Not that I was ever that much of a partyer, but I’m finding that even among our married (with children) peers, both CareerMom and I are boring, with a capital “B.”
Looking around, I’ve found that there are apparently two types of parents in this world:
A) Those who lead active social lives prior to having children and who, once they have children, see no reason not to continue doing so. They’ll pack the kids up and drag them to the ball park, Disneyland at the age of 2, Hockey games and other places, which to me, seems a bit nonsensical since you spend all your time watching the kids rather than whatever it is you’re there to see!
Then there are these folks:
B) Those who are somewhat social prior to having kids. Then after having kids, they realize that dragging all that baby crap everywhere is just a big ol’ pain in the butt, and anyway, who wants to see and hear my screaming youngins when they paid good money to be here!
CareerMom and I are most decidedly of the “B” group, while it seems like everyone we know, is in the “A” group. Case in point, we recently were invited to a neighbor’s house for something they have called, “The Event.”
Billed as something only offered to a “select” group of people, The Event promises:
- South African wine tasting
- Martini bar
- Craft brew bar
- Chair massages
- Complimentary drive home
- Couples pool tournament
- Beer pong
- Afternoon pedicures and manicure
Does this not sound like the best! It does to us too, but we’re already finding problems getting a babysitter now that all the high-school kids are out of school and at the end of the day, CareerMom and I both seem to have come to the conclusion that it’s too much of a hassle to get someone to watch the kids. It appears that we’ve reached a silent agreement that we’ll just skip The Event altogether rather than making the effort to find a new sitter. How pathetic are we?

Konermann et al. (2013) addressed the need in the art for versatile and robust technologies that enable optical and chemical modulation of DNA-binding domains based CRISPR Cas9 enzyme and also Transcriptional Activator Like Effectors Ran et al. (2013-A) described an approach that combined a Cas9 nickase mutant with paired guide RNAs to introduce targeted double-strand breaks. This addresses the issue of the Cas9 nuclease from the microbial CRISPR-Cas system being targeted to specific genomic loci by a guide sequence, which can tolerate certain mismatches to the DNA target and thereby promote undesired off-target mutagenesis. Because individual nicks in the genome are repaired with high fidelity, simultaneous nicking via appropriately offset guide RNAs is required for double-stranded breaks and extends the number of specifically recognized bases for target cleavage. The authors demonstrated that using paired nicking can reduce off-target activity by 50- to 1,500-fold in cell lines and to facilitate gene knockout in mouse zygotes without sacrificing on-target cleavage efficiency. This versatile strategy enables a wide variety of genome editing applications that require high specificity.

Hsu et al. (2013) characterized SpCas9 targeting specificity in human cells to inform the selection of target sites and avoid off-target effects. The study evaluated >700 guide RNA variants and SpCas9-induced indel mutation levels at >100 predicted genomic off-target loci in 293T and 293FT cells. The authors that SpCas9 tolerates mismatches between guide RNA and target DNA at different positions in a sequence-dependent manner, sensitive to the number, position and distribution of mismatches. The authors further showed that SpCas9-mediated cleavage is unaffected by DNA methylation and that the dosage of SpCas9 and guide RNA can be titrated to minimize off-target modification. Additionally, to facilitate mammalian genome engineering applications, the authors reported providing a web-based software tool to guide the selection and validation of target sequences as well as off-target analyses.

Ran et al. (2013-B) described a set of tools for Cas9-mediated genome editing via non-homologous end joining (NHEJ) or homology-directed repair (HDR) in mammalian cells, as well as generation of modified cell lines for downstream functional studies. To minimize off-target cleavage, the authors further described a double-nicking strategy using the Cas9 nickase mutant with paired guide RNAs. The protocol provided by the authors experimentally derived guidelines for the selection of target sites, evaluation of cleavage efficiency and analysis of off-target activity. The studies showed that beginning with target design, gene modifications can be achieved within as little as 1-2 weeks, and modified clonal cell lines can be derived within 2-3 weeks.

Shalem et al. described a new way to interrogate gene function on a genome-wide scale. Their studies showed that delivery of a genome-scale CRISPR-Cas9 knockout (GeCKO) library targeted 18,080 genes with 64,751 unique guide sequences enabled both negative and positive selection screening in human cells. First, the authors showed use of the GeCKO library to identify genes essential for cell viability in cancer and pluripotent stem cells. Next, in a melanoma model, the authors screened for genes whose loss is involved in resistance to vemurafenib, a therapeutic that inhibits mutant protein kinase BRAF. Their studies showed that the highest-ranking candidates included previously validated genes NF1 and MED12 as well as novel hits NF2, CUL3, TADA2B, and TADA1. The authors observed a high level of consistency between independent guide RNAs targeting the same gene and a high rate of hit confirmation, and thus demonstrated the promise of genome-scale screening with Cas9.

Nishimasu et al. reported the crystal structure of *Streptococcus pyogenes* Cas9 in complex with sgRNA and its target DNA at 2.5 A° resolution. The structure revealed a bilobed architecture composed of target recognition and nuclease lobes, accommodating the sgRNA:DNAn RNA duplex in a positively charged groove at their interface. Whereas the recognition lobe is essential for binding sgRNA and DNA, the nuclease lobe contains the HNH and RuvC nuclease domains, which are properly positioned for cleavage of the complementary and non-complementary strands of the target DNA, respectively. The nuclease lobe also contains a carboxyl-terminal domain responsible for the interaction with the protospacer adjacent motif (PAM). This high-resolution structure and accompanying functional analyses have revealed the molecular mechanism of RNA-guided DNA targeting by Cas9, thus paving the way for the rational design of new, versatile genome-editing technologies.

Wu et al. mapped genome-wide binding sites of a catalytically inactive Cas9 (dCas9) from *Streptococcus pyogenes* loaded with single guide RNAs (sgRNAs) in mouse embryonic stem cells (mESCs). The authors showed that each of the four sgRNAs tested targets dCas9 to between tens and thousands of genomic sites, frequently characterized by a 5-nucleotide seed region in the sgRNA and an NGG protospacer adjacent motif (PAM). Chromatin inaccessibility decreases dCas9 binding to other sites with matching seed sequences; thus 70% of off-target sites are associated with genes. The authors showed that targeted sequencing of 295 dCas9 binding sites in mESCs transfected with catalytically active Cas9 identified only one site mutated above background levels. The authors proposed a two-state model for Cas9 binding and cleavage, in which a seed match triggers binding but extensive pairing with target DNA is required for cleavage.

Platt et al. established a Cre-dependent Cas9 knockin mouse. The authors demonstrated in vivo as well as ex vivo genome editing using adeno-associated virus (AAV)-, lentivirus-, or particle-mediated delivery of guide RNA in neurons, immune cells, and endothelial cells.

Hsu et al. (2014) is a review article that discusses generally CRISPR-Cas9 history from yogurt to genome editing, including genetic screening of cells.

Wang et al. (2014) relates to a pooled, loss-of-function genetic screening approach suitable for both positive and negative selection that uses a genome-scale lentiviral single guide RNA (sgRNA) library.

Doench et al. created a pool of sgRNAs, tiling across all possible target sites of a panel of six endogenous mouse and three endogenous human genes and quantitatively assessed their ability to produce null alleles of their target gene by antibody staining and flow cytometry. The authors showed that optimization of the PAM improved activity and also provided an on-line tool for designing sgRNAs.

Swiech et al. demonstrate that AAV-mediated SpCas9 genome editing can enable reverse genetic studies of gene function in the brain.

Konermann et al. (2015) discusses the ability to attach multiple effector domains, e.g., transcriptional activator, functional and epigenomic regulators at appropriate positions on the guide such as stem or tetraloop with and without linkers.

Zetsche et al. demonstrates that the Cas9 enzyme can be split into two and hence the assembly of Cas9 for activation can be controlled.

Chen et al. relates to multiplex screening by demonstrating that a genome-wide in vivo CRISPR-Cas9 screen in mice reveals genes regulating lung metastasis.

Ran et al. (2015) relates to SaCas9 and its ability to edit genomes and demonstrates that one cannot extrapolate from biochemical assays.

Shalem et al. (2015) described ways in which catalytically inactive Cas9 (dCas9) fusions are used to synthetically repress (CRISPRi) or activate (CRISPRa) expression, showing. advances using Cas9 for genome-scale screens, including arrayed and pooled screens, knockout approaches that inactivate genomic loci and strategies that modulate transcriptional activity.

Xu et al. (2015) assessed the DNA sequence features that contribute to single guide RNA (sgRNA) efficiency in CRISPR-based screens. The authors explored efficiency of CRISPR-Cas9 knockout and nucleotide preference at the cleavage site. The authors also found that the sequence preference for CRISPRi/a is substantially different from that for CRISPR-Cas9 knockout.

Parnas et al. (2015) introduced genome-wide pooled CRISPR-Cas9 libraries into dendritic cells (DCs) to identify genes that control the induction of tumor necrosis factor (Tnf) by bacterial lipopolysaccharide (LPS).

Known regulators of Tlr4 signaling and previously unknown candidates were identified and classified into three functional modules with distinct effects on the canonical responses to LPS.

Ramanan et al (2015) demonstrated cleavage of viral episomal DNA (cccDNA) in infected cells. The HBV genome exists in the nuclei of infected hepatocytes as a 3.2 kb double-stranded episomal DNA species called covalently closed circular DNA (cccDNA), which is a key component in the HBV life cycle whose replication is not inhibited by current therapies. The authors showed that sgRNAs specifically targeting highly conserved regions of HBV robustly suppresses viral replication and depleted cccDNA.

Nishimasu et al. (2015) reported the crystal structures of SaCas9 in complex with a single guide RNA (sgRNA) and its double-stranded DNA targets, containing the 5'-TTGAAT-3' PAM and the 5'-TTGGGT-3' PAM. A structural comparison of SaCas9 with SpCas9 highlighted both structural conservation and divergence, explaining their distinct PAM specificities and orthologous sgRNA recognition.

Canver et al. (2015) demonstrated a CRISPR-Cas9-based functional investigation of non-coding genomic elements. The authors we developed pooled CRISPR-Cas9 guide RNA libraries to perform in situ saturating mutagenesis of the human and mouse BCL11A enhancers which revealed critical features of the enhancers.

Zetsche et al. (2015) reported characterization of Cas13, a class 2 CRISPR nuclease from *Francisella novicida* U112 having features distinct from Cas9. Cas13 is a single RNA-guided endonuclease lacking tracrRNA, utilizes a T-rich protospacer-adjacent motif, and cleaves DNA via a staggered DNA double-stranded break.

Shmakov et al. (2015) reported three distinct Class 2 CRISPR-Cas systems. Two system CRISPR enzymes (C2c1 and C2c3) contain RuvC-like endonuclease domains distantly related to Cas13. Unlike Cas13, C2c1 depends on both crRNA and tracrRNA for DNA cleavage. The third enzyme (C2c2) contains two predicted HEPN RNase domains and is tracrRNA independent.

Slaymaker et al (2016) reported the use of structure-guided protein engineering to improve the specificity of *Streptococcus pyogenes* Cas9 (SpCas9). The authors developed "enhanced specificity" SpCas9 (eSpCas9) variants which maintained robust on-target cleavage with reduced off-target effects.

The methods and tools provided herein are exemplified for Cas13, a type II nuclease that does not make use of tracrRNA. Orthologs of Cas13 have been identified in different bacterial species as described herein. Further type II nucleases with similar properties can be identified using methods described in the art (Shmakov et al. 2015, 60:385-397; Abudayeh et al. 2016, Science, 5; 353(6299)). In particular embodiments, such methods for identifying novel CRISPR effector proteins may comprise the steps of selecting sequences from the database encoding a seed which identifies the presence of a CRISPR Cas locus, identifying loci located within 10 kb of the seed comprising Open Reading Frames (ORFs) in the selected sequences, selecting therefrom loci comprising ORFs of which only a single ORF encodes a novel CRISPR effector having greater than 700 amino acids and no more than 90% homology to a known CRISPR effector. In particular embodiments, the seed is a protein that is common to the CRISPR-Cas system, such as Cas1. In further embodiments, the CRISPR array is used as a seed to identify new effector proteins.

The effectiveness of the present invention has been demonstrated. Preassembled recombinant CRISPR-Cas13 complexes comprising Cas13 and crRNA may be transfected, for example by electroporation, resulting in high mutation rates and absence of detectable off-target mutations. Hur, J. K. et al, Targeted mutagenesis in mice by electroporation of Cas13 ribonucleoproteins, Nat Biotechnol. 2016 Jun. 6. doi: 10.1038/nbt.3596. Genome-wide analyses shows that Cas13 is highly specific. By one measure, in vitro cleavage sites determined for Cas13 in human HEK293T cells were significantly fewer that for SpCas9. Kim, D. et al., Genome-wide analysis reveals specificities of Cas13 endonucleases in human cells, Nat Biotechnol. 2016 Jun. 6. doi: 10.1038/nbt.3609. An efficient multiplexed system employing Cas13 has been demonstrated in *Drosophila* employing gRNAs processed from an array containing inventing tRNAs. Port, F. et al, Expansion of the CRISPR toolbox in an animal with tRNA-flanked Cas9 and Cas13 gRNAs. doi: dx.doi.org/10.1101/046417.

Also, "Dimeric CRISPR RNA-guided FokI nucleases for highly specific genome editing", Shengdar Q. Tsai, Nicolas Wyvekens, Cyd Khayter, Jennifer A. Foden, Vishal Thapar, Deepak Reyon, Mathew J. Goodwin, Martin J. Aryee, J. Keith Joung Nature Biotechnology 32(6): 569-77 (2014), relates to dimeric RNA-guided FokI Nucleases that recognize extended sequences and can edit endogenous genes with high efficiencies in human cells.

Now granted, there are probably 50 teenage girls in our neighborhood and we’ve barely scratched the surface in trying to find one, but part of the problem is CareerMom’s high standards for babysitting. Apparently, they have to meet the same standards originally set forth by CareerMom’s recently graduated youngest sister, and our longtime “old standby” babysitter:
1. An affinity for playing with children (Most teenage girls qualify: check)2. Be able to determine when water is hot enough to scald child in bath (Most teenage girls qualify: check)3. Doesn’t need to be motivated to clean up after playtime and/or dinner (Most teenage girls qualify: check)4. Be able to figure out how to manipulate the three remote controls required for proper television viewing (Most teenage girls qualify: check)5. Know our kids already (Most teenage girls qualify: OH! So sorry…thanks for playing!)
So really, it’s that one criteria preventing us from being social. Or are we just using it as an excuse? I suspect it’s a bit of both.
Are we really that boring or are we like our own little saboteurs, hamstringing our inner-partyer so that we can play the martyr while everyone else is having fun?